Environmentalists in Ecuador have embraced the pope's encyclical, yet Francis has bruised some feelings. Leaders of one association of indigenous peoples have complained that Francis declined a request to meet with them privately about their efforts to fight oil production. And it was too soon to know if the pope's message which did not include a direct mention of oil exploration would have an influence on Mr. Correa.
Ecuador's government depends on oil royalties for revenues, and Mr. Correa has granted approvals for a major expansion of oil exploration in the Ecuadorean Amazon, including in Yasuní National Park, considered one of the richest sources of biodiversity in the world.
In 2007, Mr. Correa proposed leaving oil in the ground if other governments would contribute $3.6 billion to a global trust fund intended to protect 4,000 square miles of pristine rain forest.
But when the government contributions did not arrive, Mr. Correa reversed himself. Two years ago, he ended the moratorium on new exploration and set in motion an approvals process that has cleared the way for new oil production to begin next year.
Oil pollution in Ecuadorean jungles has brought two decades of litigation. Among the civil society activists who attended Francis's last meeting on Tuesday were leaders of seven different indigenous groups living inside Yasuní National Park. (Two other nomadic indigenous groups inside the Yasuní live removed from any contact with civilization.)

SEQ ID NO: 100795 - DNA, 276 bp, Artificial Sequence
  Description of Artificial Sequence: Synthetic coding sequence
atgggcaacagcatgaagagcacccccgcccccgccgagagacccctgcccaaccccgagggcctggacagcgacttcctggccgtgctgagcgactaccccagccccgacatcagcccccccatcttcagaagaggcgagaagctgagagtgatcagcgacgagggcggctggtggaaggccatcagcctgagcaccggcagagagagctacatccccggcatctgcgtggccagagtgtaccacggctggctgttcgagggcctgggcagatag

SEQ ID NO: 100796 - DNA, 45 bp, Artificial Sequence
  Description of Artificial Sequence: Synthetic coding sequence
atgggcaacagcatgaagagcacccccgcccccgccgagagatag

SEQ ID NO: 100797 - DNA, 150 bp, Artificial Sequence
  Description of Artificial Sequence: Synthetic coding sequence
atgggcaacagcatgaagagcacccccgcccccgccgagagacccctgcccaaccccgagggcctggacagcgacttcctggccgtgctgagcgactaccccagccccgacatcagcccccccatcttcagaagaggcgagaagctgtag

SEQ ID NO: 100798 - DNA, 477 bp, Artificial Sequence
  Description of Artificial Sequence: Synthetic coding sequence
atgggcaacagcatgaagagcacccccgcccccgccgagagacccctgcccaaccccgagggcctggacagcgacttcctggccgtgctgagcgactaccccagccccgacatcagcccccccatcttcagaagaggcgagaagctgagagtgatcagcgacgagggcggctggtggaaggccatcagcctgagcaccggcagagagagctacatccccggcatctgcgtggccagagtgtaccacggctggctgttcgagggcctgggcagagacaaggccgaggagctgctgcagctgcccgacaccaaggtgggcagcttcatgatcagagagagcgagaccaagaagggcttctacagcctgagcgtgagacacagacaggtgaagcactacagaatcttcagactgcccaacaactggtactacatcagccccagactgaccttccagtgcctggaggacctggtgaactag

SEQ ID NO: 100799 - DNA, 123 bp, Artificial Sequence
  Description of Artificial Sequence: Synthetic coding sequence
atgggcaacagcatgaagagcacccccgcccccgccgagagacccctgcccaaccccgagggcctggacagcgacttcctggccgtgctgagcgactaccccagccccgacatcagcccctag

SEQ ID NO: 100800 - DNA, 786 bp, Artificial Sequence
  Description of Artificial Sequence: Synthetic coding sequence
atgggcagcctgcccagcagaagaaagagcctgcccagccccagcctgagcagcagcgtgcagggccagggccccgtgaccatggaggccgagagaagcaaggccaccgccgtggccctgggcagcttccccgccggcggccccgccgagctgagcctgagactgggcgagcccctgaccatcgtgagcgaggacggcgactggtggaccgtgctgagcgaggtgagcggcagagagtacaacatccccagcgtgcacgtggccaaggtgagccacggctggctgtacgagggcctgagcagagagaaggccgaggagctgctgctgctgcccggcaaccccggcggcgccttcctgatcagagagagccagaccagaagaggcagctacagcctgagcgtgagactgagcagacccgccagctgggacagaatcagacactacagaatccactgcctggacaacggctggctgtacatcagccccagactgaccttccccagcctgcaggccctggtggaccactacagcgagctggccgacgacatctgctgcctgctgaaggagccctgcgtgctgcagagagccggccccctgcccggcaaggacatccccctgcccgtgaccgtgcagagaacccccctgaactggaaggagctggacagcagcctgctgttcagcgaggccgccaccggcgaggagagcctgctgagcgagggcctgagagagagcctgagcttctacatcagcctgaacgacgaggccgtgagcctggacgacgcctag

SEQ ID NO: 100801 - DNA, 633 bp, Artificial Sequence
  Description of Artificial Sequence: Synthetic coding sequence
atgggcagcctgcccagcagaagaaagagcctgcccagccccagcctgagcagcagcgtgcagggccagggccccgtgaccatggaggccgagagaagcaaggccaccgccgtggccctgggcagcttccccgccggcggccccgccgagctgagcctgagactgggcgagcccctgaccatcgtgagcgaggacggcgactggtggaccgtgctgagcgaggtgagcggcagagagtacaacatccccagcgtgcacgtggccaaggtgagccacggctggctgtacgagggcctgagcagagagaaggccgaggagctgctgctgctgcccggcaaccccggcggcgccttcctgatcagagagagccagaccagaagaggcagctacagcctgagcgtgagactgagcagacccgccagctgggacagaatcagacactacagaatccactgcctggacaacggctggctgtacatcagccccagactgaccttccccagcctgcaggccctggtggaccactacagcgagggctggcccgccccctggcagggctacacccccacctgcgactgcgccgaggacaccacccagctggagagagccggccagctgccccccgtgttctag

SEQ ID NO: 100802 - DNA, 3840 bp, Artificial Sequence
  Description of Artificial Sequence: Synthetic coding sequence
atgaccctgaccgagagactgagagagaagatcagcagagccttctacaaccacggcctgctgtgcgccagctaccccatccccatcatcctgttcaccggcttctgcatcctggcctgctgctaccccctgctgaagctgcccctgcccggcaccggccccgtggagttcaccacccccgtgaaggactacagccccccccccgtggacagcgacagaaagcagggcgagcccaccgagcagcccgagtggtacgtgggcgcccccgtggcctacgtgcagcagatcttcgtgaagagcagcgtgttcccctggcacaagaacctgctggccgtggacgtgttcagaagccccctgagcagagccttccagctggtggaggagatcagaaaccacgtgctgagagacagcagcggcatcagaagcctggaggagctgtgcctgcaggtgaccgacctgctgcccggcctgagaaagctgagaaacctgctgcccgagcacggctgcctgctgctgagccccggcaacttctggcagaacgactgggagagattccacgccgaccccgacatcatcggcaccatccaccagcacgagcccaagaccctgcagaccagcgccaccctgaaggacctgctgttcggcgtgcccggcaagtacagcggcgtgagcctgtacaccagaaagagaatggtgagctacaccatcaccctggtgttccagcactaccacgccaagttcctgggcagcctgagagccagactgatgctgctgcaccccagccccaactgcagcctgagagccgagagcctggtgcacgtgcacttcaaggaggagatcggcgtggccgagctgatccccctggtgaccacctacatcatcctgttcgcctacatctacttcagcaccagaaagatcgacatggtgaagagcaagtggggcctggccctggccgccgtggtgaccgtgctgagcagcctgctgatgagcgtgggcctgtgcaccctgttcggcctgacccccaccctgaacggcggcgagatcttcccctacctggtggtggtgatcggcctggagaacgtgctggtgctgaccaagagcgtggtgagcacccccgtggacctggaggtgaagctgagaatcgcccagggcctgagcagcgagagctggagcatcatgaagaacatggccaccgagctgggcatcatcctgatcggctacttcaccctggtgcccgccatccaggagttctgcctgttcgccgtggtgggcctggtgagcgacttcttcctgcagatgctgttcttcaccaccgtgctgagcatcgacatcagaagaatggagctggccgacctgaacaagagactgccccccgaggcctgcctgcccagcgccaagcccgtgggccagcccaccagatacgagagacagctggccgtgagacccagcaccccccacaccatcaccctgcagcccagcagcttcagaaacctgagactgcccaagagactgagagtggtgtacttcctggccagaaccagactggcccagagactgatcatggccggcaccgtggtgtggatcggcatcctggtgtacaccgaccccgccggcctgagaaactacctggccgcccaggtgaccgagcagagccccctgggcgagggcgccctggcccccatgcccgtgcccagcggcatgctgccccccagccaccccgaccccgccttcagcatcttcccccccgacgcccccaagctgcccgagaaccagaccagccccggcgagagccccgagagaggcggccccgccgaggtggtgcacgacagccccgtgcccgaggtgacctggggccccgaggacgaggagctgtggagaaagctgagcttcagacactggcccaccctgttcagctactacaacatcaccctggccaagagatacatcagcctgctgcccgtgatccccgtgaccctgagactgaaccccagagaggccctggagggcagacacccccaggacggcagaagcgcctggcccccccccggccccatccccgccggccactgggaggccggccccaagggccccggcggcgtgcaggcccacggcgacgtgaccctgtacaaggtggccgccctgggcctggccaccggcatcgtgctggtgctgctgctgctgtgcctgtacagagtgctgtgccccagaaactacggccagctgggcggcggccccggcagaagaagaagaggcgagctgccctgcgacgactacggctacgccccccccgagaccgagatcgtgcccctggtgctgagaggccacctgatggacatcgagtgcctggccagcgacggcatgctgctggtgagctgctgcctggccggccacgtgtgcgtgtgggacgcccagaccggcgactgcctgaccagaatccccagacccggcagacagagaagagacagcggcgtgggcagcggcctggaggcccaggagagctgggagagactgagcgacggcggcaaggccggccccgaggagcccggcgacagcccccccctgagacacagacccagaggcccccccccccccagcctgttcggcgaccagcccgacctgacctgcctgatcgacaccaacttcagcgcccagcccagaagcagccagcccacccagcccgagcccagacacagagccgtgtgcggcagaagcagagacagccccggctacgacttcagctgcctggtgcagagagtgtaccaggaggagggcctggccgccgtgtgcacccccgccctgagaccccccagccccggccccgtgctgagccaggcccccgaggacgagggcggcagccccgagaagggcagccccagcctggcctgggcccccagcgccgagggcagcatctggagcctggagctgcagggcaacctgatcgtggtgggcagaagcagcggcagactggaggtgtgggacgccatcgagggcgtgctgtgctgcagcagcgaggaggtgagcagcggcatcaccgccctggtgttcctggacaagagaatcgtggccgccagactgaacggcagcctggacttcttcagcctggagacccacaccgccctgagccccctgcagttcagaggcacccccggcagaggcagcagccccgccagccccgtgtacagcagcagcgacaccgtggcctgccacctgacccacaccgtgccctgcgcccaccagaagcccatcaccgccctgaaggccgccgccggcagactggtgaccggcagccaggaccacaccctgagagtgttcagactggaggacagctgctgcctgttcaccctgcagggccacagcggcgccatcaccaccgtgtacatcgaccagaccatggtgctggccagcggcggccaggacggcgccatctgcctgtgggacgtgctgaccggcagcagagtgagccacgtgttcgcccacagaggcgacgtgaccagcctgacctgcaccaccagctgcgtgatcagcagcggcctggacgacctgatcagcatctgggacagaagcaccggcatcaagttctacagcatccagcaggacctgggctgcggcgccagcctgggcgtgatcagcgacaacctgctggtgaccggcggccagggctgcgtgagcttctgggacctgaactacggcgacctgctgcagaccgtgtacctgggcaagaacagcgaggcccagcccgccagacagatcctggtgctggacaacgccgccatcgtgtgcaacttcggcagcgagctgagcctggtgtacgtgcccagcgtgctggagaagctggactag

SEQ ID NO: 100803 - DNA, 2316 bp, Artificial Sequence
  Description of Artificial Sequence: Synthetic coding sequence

Last weekend, activists also published an online open letter to the pope, seeking his direct intervention in protecting the jungle homeland of Ecuador's indigenous people. Franco Vitera, one of the activists, planned to present the letter to the pope on Tuesday.
"We ask you to intercede and call upon the Ecuadorean government to not expand the oil frontier and mega-mining in indigenous territories, especially in Yasuní," the letter concluded. "We ask you to call upon them to respect the constitution and international treaties and agreements on the environment and human rights."
Kevin Koenig, Ecuador program coordinator of the nonprofit group Amazon Watch, said Francis' encyclical had heartened environmentalists and indigenous leaders in Ecuador, who fear that Mr. Correa's expansion plans could be devastating.
"President Correa's environmental policies are at odds with the message of the pope's encyclical," said Mr. Koenig, whose group works with indigenous peoples to protect the Amazon. He said oil exploration was "the major indigenous rights environmental battle in the Amazon right now."
In his remarks on Tuesday, Francis cited his own encyclical, stating that the Amazon required "greater protection because of its immense importance for the global ecosystem." He also cited his principle of integral ecology, a balance of economic development and environmental protection, and returned to that theme in his remarks on Tuesday.
"Ecuador together with other countries bordering the Amazon has an opportunity to become a teacher of integral ecology," he said. "We received this world as an inheritance from past generations, but also as a loan from future generations, to whom we will have to return it."